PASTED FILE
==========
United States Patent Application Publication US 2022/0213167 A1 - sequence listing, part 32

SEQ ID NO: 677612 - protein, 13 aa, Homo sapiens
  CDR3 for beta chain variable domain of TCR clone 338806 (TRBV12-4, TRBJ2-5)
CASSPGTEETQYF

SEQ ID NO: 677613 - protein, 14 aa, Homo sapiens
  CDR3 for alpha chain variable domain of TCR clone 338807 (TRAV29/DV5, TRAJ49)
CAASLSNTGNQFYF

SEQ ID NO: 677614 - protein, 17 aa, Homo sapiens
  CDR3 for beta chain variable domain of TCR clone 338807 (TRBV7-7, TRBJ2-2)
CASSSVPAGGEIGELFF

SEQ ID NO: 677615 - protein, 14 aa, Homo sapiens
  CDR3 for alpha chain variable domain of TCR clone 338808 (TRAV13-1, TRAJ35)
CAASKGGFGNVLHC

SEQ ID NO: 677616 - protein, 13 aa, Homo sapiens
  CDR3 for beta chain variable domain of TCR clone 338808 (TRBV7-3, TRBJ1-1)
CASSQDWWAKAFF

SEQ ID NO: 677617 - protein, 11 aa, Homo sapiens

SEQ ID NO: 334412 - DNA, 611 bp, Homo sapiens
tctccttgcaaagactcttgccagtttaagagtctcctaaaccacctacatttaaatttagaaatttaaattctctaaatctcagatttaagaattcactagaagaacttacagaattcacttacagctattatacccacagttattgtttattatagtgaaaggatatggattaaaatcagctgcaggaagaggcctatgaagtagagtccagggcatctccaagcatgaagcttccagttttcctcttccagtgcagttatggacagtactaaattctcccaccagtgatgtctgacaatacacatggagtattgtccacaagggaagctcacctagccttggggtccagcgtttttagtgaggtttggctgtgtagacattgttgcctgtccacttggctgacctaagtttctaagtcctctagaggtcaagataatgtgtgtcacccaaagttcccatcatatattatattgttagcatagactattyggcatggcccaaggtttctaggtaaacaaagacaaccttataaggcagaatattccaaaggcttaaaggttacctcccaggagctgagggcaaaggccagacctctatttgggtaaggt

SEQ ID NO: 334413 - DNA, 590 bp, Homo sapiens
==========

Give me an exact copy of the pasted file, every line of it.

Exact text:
United States Patent Application Publication US 2022/0213167 A1 - sequence listing, part 32

SEQ ID NO: 677612 - protein, 13 aa, Homo sapiens
  CDR3 for beta chain variable domain of TCR clone 338806 (TRBV12-4, TRBJ2-5)
CASSPGTEETQYF

SEQ ID NO: 677613 - protein, 14 aa, Homo sapiens
  CDR3 for alpha chain variable domain of TCR clone 338807 (TRAV29/DV5, TRAJ49)
CAASLSNTGNQFYF

SEQ ID NO: 677614 - protein, 17 aa, Homo sapiens
  CDR3 for beta chain variable domain of TCR clone 338807 (TRBV7-7, TRBJ2-2)
CASSSVPAGGEIGELFF

SEQ ID NO: 677615 - protein, 14 aa, Homo sapiens
  CDR3 for alpha chain variable domain of TCR clone 338808 (TRAV13-1, TRAJ35)
CAASKGGFGNVLHC

SEQ ID NO: 677616 - protein, 13 aa, Homo sapiens
  CDR3 for beta chain variable domain of TCR clone 338808 (TRBV7-3, TRBJ1-1)
CASSQDWWAKAFF

SEQ ID NO: 677617 - protein, 11 aa, Homo sapiens

SEQ ID NO: 334412 - DNA, 611 bp, Homo sapiens
tctccttgcaaagactcttgccagtttaagagtctcctaaaccacctacatttaaatttagaaatttaaattctctaaatctcagatttaagaattcactagaagaacttacagaattcacttacagctattatacccacagttattgtttattatagtgaaaggatatggattaaaatcagctgcaggaagaggcctatgaagtagagtccagggcatctccaagcatgaagcttccagttttcctcttccagtgcagttatggacagtactaaattctcccaccagtgatgtctgacaatacacatggagtattgtccacaagggaagctcacctagccttggggtccagcgtttttagtgaggtttggctgtgtagacattgttgcctgtccacttggctgacctaagtttctaagtcctctagaggtcaagataatgtgtgtcacccaaagttcccatcatatattatattgttagcatagactattyggcatggcccaaggtttctaggtaaacaaagacaaccttataaggcagaatattccaaaggcttaaaggttacctcccaggagctgagggcaaaggccagacctctatttgggtaaggt

SEQ ID NO: 334413 - DNA, 590 bp, Homo sapiens